I’m a generally fit person. I walk everywhere in Richmond, including the grocery store and work/school, and I lift weights five times a week. I also used to run regularly in college (now I run once or twice or never a week, but whatever). But I’ve never done a race.
Okay, that’s not entirely true. Senior year of college, an organization I was in hosted a 5K fundraiser, so I participated. I almost won, too. Having never done a race at that point in my life and being used to running 10 miles at a time, I thought I’d sprint the 5K. I led for the first mile. For real, I was hundreds of yards ahead of the second person. But one cannot run at 10 mph for three miles. By the end of mile one, I met my mortality. I was lapped twice. By a father and son. They got first and second place, and I got third. Fourth place was my friend who now runs marathons regularly, so it says something that I beat a future marathon runner. Right?
Anyway, that race was $15 and benefitted my organization. I never did another race after that because why pay to exercise? Races are extravagantly expensive. They’re usually upwards of $60 to jog a distance I could do on my own. So what, I get a t-shirt I won’t wear and a medal that I could just order and pretend I earned?
Then I saw the Credit Union Cherry Blossom 10 Mile Run was only $40 this year. What a deal compared to every other race I’ve seen. I couldn’t pass up a bargain, so I entered. And then I paid $17 more for a medal because if I’m going to run my first race, I have to get a medal.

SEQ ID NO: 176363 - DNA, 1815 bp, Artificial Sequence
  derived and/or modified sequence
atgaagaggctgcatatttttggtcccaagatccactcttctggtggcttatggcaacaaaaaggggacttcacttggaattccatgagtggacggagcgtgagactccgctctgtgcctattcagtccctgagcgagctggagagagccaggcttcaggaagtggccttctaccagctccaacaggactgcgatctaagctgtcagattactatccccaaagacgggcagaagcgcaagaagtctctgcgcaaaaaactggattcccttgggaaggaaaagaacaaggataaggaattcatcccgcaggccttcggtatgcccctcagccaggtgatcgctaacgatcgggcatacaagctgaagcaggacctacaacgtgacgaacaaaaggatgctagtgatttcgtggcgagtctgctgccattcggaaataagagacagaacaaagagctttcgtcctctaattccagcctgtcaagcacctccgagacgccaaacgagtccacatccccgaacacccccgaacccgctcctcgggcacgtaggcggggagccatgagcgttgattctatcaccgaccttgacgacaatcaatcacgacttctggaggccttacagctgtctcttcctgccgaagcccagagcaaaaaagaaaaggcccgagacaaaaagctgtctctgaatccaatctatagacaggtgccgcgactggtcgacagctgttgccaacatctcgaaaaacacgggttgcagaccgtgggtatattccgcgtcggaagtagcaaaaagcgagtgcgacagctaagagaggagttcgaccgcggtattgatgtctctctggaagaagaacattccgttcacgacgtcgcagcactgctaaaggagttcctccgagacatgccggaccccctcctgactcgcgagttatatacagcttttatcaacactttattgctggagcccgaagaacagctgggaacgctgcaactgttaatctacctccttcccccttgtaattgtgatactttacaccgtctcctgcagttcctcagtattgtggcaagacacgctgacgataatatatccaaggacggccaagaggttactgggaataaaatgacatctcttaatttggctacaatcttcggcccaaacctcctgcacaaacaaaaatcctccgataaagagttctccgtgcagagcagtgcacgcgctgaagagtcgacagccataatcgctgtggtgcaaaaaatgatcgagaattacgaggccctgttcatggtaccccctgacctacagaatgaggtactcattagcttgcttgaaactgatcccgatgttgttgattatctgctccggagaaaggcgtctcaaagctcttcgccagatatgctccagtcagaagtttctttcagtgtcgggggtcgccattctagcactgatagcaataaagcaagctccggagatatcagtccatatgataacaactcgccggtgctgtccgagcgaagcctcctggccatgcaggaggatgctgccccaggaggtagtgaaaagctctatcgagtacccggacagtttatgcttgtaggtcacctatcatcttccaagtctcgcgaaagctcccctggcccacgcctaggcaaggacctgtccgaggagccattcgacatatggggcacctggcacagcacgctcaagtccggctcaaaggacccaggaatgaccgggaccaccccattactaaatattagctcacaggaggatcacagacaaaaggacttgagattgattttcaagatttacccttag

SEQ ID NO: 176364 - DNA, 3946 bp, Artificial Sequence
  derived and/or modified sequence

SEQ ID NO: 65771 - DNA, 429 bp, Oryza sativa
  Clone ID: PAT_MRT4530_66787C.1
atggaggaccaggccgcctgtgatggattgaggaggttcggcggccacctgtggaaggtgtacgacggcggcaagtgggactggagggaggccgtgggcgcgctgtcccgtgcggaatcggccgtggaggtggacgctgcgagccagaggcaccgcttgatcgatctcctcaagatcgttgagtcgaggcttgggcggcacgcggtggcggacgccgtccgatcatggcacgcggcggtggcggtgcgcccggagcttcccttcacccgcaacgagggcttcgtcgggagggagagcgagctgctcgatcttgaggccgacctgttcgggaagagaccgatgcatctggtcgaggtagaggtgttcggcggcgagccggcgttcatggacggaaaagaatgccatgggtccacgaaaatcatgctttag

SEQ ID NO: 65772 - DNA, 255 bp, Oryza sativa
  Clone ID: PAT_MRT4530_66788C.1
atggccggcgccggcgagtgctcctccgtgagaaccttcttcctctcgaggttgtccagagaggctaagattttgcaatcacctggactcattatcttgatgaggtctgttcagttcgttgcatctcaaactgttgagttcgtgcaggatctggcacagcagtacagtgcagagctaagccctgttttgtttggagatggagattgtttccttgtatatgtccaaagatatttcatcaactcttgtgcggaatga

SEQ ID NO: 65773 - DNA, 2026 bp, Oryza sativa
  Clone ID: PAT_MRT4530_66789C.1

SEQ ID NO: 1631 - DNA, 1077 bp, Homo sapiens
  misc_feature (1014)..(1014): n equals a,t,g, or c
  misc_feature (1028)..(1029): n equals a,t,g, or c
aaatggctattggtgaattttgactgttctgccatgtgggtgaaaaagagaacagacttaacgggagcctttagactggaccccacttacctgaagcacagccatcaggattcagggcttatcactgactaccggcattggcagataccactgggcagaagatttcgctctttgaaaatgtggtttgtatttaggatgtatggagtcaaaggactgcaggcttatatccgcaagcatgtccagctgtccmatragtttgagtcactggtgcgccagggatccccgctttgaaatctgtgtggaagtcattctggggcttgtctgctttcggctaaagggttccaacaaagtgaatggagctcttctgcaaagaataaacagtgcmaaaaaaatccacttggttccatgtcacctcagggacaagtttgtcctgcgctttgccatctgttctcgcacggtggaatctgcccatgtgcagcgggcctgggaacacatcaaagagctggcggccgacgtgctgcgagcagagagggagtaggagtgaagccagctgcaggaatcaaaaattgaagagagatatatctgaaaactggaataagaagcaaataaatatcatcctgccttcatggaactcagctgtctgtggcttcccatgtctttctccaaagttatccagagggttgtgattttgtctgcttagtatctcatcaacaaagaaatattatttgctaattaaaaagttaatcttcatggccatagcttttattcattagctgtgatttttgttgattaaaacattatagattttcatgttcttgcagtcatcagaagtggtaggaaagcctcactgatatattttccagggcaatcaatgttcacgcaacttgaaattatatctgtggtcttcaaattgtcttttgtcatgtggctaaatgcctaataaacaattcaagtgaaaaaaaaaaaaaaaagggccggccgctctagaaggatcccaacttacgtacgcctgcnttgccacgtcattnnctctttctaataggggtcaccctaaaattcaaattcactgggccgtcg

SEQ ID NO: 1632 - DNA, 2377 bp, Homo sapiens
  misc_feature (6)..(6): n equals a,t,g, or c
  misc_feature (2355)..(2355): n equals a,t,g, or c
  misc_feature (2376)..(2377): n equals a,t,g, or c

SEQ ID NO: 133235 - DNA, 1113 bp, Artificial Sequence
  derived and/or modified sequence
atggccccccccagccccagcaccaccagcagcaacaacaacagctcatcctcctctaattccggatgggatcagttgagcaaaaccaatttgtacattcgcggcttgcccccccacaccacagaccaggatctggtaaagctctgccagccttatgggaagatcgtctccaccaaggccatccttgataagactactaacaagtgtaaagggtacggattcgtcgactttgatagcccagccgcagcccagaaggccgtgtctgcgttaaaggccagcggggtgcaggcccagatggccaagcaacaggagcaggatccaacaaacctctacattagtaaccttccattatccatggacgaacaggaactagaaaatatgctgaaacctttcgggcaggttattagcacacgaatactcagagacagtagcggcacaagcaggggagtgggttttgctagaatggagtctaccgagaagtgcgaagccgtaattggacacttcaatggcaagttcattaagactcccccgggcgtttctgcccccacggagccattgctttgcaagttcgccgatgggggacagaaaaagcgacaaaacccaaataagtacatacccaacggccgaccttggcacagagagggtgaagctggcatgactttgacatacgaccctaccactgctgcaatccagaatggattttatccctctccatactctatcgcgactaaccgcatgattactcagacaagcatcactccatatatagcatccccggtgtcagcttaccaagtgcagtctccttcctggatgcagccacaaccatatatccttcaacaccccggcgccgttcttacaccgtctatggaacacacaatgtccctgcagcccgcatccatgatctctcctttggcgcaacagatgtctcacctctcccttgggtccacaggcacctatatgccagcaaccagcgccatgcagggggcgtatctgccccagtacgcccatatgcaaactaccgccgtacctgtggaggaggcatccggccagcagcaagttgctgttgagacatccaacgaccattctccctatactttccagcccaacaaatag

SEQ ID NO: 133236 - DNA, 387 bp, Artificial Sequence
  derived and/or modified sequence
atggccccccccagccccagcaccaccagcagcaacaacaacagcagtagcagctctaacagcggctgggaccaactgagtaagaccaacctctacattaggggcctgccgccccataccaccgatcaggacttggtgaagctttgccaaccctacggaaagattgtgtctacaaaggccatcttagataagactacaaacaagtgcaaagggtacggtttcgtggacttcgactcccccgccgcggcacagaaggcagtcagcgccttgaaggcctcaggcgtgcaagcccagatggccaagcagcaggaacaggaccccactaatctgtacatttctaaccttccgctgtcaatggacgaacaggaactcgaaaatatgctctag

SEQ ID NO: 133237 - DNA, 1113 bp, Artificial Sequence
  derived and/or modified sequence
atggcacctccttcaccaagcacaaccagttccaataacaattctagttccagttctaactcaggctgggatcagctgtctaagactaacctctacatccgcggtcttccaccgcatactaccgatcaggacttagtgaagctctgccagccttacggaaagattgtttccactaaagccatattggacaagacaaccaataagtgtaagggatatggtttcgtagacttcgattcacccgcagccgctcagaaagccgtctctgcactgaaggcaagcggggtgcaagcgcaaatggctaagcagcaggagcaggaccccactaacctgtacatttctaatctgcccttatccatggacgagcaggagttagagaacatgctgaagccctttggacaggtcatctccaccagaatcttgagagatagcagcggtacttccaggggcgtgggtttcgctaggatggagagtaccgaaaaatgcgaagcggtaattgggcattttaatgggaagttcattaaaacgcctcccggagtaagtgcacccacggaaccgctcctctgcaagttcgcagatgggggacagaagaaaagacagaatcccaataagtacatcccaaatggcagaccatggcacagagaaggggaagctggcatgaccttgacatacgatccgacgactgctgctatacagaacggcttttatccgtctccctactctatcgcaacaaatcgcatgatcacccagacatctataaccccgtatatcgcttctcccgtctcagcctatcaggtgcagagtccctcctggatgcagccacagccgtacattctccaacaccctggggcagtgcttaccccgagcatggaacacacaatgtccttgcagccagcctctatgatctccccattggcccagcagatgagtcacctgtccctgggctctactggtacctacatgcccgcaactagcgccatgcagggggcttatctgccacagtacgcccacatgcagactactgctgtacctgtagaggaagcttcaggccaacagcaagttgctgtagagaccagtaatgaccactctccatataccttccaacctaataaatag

Speaking of deals: two weeks after signing up for the Cherry Blossom run, I found another deal to do the Rock’n’Roll Half-Marathon in Virginia Beach for $50. I signed up for that, too. Didn’t even wait to run the 10 mile one and see how that went. A deal is a deal.
When I signed up for the Cherry Blossom run, I opted for free training. This translated to daily emails about how many miles I should be running. I promptly ignored them. Don’t get me wrong: I read the emails. I just did not comply.
Oh, I should run four to six miles today? Well, I’m a bit busy.
Oh, it’s a rest day today? Well, I’m gonna run seven miles, anyway.
The week before the race, I realized I hadn’t really trained. But again, I’m decently athletic (in non-team sport terms), so I can’t say I just showed up on race day with no preparation.
Except I can in other terms.
I figured this was an April race. I would wear shorts and a tank top and shoes. Oh, and don’t forget earphones.
Two days before the race, I checked the forecast. The high was 50 degrees. That’s a bummer. Okay, I’ll wear a pullover with my ensemble. I failed to read the actual forecast: High winds, super cloudy, and in the thirties in the morning, which is when you run a race.
On my drive up to DC, I got an email from the race planners: